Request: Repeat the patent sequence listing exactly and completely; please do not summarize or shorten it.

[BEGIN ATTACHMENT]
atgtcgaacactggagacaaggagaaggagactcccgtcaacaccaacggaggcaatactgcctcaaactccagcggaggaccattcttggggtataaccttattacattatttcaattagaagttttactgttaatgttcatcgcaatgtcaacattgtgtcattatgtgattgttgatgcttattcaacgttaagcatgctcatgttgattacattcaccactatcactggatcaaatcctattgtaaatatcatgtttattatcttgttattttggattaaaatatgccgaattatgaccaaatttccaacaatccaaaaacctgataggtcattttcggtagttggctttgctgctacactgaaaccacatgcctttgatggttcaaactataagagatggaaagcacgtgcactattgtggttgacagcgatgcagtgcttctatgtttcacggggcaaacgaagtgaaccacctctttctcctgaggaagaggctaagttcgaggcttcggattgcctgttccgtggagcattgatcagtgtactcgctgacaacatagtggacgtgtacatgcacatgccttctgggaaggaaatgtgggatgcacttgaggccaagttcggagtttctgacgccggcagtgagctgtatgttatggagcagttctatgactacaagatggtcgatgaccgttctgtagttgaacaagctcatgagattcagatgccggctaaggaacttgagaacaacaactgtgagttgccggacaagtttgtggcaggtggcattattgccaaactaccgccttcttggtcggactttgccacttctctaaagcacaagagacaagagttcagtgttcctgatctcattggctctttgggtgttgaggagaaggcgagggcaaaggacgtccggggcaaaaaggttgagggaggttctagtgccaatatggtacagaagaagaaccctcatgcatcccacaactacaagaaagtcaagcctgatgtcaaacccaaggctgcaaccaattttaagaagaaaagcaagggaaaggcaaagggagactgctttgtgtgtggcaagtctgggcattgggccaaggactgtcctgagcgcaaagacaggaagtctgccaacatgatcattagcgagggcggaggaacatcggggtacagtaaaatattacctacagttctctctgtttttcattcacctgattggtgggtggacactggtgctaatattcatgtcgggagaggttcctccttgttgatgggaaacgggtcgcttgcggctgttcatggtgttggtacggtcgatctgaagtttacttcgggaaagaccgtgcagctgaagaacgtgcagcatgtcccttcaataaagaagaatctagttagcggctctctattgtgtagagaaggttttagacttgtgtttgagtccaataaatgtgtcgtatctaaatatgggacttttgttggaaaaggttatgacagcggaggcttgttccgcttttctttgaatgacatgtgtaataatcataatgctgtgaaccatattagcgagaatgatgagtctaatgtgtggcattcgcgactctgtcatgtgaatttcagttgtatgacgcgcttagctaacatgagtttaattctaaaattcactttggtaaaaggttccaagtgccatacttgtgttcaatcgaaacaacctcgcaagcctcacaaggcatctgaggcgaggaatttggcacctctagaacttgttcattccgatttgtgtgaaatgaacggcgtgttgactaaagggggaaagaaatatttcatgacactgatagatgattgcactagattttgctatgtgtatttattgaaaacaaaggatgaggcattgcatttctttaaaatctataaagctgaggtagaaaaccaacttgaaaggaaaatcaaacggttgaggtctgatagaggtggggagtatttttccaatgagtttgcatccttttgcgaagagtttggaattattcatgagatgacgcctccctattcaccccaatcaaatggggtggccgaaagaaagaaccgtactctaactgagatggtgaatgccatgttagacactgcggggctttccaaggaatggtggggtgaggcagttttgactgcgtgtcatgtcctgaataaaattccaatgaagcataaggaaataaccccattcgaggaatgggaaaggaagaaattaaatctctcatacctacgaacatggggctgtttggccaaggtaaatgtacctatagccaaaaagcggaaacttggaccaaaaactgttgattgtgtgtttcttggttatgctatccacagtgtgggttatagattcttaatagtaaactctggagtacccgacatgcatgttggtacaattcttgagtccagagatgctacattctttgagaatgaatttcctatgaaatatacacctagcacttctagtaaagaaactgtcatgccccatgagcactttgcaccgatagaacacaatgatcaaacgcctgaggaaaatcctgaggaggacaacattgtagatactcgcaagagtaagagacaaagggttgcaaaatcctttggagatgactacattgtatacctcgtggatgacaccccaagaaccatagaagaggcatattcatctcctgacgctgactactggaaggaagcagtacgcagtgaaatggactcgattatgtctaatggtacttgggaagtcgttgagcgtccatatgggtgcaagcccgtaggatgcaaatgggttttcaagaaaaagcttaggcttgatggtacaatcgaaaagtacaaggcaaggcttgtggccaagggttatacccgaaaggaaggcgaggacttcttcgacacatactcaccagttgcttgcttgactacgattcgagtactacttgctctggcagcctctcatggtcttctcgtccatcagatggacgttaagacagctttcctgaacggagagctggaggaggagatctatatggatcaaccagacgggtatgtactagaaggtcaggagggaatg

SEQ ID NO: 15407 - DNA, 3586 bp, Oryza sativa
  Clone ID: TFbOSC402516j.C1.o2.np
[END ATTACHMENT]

atgtcgaacactggagacaaggagaaggagactcccgtcaacaccaacggaggcaatactgcctcaaactccagcggaggaccattcttggggtataaccttattacattatttcaattagaagttttactgttaatgttcatcgcaatgtcaacattgtgtcattatgtgattgttgatgcttattcaacgttaagcatgctcatgttgattacattcaccactatcactggatcaaatcctattgtaaatatcatgtttattatcttgttattttggattaaaatatgccgaattatgaccaaatttccaacaatccaaaaacctgataggtcattttcggtagttggctttgctgctacactgaaaccacatgcctttgatggttcaaactataagagatggaaagcacgtgcactattgtggttgacagcgatgcagtgcttctatgtttcacggggcaaacgaagtgaaccacctctttctcctgaggaagaggctaagttcgaggcttcggattgcctgttccgtggagcattgatcagtgtactcgctgacaacatagtggacgtgtacatgcacatgccttctgggaaggaaatgtgggatgcacttgaggccaagttcggagtttctgacgccggcagtgagctgtatgttatggagcagttctatgactacaagatggtcgatgaccgttctgtagttgaacaagctcatgagattcagatgccggctaaggaacttgagaacaacaactgtgagttgccggacaagtttgtggcaggtggcattattgccaaactaccgccttcttggtcggactttgccacttctctaaagcacaagagacaagagttcagtgttcctgatctcattggctctttgggtgttgaggagaaggcgagggcaaaggacgtccggggcaaaaaggttgagggaggttctagtgccaatatggtacagaagaagaaccctcatgcatcccacaactacaagaaagtcaagcctgatgtcaaacccaaggctgcaaccaattttaagaagaaaagcaagggaaaggcaaagggagactgctttgtgtgtggcaagtctgggcattgggccaaggactgtcctgagcgcaaagacaggaagtctgccaacatgatcattagcgagggcggaggaacatcggggtacagtaaaatattacctacagttctctctgtttttcattcacctgattggtgggtggacactggtgctaatattcatgtcgggagaggttcctccttgttgatgggaaacgggtcgcttgcggctgttcatggtgttggtacggtcgatctgaagtttacttcgggaaagaccgtgcagctgaagaacgtgcagcatgtcccttcaataaagaagaatctagttagcggctctctattgtgtagagaaggttttagacttgtgtttgagtccaataaatgtgtcgtatctaaatatgggacttttgttggaaaaggttatgacagcggaggcttgttccgcttttctttgaatgacatgtgtaataatcataatgctgtgaaccatattagcgagaatgatgagtctaatgtgtggcattcgcgactctgtcatgtgaatttcagttgtatgacgcgcttagctaacatgagtttaattctaaaattcactttggtaaaaggttccaagtgccatacttgtgttcaatcgaaacaacctcgcaagcctcacaaggcatctgaggcgaggaatttggcacctctagaacttgttcattccgatttgtgtgaaatgaacggcgtgttgactaaagggggaaagaaatatttcatgacactgatagatgattgcactagattttgctatgtgtatttattgaaaacaaaggatgaggcattgcatttctttaaaatctataaagctgaggtagaaaaccaacttgaaaggaaaatcaaacggttgaggtctgatagaggtggggagtatttttccaatgagtttgcatccttttgcgaagagtttggaattattcatgagatgacgcctccctattcaccccaatcaaatggggtggccgaaagaaagaaccgtactctaactgagatggtgaatgccatgttagacactgcggggctttccaaggaatggtggggtgaggcagttttgactgcgtgtcatgtcctgaataaaattccaatgaagcataaggaaataaccccattcgaggaatgggaaaggaagaaattaaatctctcatacctacgaacatggggctgtttggccaaggtaaatgtacctatagccaaaaagcggaaacttggaccaaaaactgttgattgtgtgtttcttggttatgctatccacagtgtgggttatagattcttaatagtaaactctggagtacccgacatgcatgttggtacaattcttgagtccagagatgctacattctttgagaatgaatttcctatgaaatatacacctagcacttctagtaaagaaactgtcatgccccatgagcactttgcaccgatagaacacaatgatcaaacgcctgaggaaaatcctgaggaggacaacattgtagatactcgcaagagtaagagacaaagggttgcaaaatcctttggagatgactacattgtatacctcgtggatgacaccccaagaaccatagaagaggcatattcatctcctgacgctgactactggaaggaagcagtacgcagtgaaatggactcgattatgtctaatggtacttgggaagtcgttgagcgtccatatgggtgcaagcccgtaggatgcaaatgggttttcaagaaaaagcttaggcttgatggtacaatcgaaaagtacaaggcaaggcttgtggccaagggttatacccgaaaggaaggcgaggacttcttcgacacatactcaccagttgcttgcttgactacgattcgagtactacttgctctggcagcctctcatggtcttctcgtccatcagatggacgttaagacagctttcctgaacggagagctggaggaggagatctatatggatcaaccagacgggtatgtactagaaggtcaggagggaatg

SEQ ID NO: 15407 - DNA, 3586 bp, Oryza sativa
  Clone ID: TFbOSC402516j.C1.o2.np